The entrance to the building is made through a Gothic door carried out by a workshop different from the one that made the east end. Inside the temple, we perfectly see the extension that was made in the 16th century. Preserving the medieval east end and the chancel, the main body of the nave was raised with two sections covered with good tierceron vaults. The web spandrels are decorated with Renaissance grisaille paintings, in which saints, apostles, evangelists and characters of the Old Testament appear.

The Otazu-Guevara chapel

The possible promoters of this extension, the Otazu-Guevara family, built a funeral chapel for themselves on the north wall of the church. The entrance arch still has Gothic elements, while the paintings that cover the vaults are in Renaissance style. Until the recent renovations, the triptych of Saint Sebastian was in this chapel, a jewel of the mid-16th century that has few parallels in the province. In the centre, we see a sculpture of the Saint, while the four paintings of the doors describe the most important moments of his hagiography

The sacristy

A century later, in the 17th century, the sacristy was added, which today is covered by the apse in its northern area. Converted into a baptistery, it still preserves the magnificent vault made by Pedro de la Cuesta that connects perfectly with the Late Gothic chapel of the Otazu-Guevara family.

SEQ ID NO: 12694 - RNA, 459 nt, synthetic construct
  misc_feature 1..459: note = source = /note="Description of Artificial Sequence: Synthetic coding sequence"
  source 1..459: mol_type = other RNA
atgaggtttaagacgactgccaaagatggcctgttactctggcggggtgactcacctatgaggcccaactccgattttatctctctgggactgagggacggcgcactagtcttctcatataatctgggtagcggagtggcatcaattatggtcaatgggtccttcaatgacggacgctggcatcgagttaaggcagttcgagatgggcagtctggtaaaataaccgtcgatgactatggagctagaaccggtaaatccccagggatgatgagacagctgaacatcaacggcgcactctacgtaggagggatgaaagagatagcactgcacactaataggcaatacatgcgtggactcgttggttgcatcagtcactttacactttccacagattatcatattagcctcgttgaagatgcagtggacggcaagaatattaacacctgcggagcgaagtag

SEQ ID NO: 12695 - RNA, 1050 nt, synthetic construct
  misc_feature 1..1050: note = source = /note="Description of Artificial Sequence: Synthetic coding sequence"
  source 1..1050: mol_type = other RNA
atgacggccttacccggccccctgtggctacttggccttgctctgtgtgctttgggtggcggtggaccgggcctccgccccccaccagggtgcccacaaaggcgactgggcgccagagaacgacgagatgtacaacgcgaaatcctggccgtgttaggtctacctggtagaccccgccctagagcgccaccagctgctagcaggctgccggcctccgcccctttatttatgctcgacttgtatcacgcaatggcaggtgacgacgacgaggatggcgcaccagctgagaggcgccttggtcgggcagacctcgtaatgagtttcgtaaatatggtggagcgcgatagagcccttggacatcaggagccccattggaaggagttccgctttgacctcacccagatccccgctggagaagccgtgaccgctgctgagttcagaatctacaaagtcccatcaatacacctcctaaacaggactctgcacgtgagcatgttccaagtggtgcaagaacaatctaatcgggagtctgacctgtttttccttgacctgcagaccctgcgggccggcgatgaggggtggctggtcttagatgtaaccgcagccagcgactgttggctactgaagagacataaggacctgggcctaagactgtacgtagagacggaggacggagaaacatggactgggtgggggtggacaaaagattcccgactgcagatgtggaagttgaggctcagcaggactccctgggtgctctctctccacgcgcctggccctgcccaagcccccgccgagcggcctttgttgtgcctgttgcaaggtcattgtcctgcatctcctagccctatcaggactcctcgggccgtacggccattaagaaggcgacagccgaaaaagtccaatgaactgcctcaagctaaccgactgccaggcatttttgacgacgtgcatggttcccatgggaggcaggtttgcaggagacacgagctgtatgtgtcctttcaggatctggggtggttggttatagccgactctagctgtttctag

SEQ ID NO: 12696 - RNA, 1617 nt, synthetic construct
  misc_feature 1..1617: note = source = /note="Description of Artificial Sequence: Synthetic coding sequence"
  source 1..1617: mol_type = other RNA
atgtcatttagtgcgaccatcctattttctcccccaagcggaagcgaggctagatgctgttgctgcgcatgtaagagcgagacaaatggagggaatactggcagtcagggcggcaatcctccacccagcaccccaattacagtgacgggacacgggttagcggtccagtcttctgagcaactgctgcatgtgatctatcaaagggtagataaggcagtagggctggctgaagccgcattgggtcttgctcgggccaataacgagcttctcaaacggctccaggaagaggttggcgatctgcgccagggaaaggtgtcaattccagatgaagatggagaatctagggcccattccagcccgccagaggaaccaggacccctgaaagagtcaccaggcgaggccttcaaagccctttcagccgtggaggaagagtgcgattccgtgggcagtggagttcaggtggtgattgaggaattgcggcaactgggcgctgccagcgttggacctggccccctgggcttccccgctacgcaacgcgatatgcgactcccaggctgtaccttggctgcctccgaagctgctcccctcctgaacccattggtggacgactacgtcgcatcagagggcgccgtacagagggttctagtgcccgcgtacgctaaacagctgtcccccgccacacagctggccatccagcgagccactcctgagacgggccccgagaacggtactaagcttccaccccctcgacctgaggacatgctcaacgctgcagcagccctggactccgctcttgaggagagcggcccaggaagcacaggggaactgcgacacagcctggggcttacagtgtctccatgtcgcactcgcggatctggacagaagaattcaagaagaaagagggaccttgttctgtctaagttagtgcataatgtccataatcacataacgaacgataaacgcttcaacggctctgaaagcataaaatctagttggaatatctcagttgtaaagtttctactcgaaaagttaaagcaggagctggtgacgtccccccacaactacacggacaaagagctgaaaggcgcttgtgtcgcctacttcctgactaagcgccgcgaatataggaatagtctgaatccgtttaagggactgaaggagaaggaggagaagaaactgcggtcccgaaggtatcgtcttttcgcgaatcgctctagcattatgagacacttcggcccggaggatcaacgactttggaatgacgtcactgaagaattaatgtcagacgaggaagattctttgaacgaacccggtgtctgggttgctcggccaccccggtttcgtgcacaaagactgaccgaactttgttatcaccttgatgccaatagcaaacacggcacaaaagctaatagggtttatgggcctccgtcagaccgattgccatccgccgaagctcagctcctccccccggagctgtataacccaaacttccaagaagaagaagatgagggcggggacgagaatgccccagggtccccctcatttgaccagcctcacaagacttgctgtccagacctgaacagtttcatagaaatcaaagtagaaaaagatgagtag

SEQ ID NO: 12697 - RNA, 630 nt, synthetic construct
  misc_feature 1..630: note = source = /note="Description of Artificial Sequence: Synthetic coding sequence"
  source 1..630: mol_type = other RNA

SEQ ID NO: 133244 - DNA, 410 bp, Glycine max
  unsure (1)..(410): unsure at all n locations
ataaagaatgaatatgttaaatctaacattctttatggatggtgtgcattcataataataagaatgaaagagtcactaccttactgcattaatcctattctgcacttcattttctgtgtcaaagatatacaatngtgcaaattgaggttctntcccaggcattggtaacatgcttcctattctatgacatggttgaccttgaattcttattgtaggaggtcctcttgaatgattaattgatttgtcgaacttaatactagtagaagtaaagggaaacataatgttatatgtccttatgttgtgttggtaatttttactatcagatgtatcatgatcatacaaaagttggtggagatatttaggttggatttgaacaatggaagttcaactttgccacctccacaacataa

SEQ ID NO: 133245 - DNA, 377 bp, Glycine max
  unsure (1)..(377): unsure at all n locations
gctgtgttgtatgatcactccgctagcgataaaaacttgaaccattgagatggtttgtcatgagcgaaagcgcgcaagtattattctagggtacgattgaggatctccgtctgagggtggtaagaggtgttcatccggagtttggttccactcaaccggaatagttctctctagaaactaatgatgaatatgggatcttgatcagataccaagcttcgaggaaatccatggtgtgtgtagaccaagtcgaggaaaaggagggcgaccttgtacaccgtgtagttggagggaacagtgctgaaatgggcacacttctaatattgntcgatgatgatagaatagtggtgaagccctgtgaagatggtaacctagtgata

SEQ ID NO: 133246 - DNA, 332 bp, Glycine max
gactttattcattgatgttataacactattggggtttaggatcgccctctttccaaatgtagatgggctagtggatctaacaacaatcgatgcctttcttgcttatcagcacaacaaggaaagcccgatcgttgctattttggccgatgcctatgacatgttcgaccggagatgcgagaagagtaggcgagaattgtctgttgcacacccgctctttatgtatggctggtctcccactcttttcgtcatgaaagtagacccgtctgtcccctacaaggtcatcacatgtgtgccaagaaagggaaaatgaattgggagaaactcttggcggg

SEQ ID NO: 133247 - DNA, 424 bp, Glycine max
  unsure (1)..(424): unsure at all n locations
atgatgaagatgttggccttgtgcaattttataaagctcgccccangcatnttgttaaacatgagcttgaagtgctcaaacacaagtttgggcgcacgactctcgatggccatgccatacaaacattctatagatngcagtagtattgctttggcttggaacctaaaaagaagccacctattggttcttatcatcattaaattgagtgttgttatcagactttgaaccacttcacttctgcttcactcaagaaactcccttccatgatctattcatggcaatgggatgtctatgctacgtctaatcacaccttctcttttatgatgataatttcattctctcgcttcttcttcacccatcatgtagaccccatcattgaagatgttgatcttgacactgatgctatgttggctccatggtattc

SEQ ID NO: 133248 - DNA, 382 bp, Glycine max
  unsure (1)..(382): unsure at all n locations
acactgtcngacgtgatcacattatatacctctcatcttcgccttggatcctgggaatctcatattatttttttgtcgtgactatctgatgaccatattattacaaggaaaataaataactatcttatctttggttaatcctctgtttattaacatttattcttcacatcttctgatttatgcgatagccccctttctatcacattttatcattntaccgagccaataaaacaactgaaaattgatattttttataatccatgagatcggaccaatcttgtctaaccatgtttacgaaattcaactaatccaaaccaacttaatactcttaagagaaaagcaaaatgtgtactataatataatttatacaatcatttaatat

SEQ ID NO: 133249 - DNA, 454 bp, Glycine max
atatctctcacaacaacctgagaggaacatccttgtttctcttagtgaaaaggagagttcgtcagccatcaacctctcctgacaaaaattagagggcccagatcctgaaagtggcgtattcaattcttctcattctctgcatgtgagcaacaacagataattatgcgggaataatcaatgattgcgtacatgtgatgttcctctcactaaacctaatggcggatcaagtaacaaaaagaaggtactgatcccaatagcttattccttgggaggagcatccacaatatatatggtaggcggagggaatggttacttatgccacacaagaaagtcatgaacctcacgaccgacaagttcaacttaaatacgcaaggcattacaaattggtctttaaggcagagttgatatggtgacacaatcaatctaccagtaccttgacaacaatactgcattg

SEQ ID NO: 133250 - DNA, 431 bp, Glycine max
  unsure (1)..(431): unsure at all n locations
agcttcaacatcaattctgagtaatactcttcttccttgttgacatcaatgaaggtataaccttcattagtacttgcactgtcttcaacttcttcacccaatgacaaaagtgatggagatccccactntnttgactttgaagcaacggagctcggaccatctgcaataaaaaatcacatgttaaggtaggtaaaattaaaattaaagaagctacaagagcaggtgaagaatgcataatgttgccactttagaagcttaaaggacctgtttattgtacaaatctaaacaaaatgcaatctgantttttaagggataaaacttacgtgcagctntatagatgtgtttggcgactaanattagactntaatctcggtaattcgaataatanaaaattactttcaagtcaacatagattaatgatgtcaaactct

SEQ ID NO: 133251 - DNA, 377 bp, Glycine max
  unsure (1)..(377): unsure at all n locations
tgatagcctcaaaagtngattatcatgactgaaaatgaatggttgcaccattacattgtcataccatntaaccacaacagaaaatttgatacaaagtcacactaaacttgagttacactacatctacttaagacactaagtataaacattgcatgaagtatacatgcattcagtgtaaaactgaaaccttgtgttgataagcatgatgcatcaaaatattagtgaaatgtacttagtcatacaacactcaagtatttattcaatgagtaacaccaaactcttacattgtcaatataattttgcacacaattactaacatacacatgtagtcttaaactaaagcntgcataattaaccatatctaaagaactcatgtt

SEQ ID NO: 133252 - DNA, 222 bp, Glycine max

The altarpice

The main altarpiece, which is today in the aforementioned chapel, was in the east end of the church until a few decades ago. It is a simple work from the 17th century, formed by three horizontal and three vertical sections, whose gilding finished almost at the end of the 18th century. In the first panel, flanking the tabernacle, Saint John the Baptist and Saint John the Evangelist appear; in the second, the carving of the Virgin Mary is presented, titular figure of the temple, accompanied by Saint Joachim and Saint Joseph; finally, in the upper panel, we find the effigies of Saint Dominic and Saint Francis, with the scene of the Calvary in the central part.

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Photo credits:

Current photographs: © Alava Medieval / Erdi Aroko Araba

Old photographs: Archive of the Historical Territory of Álava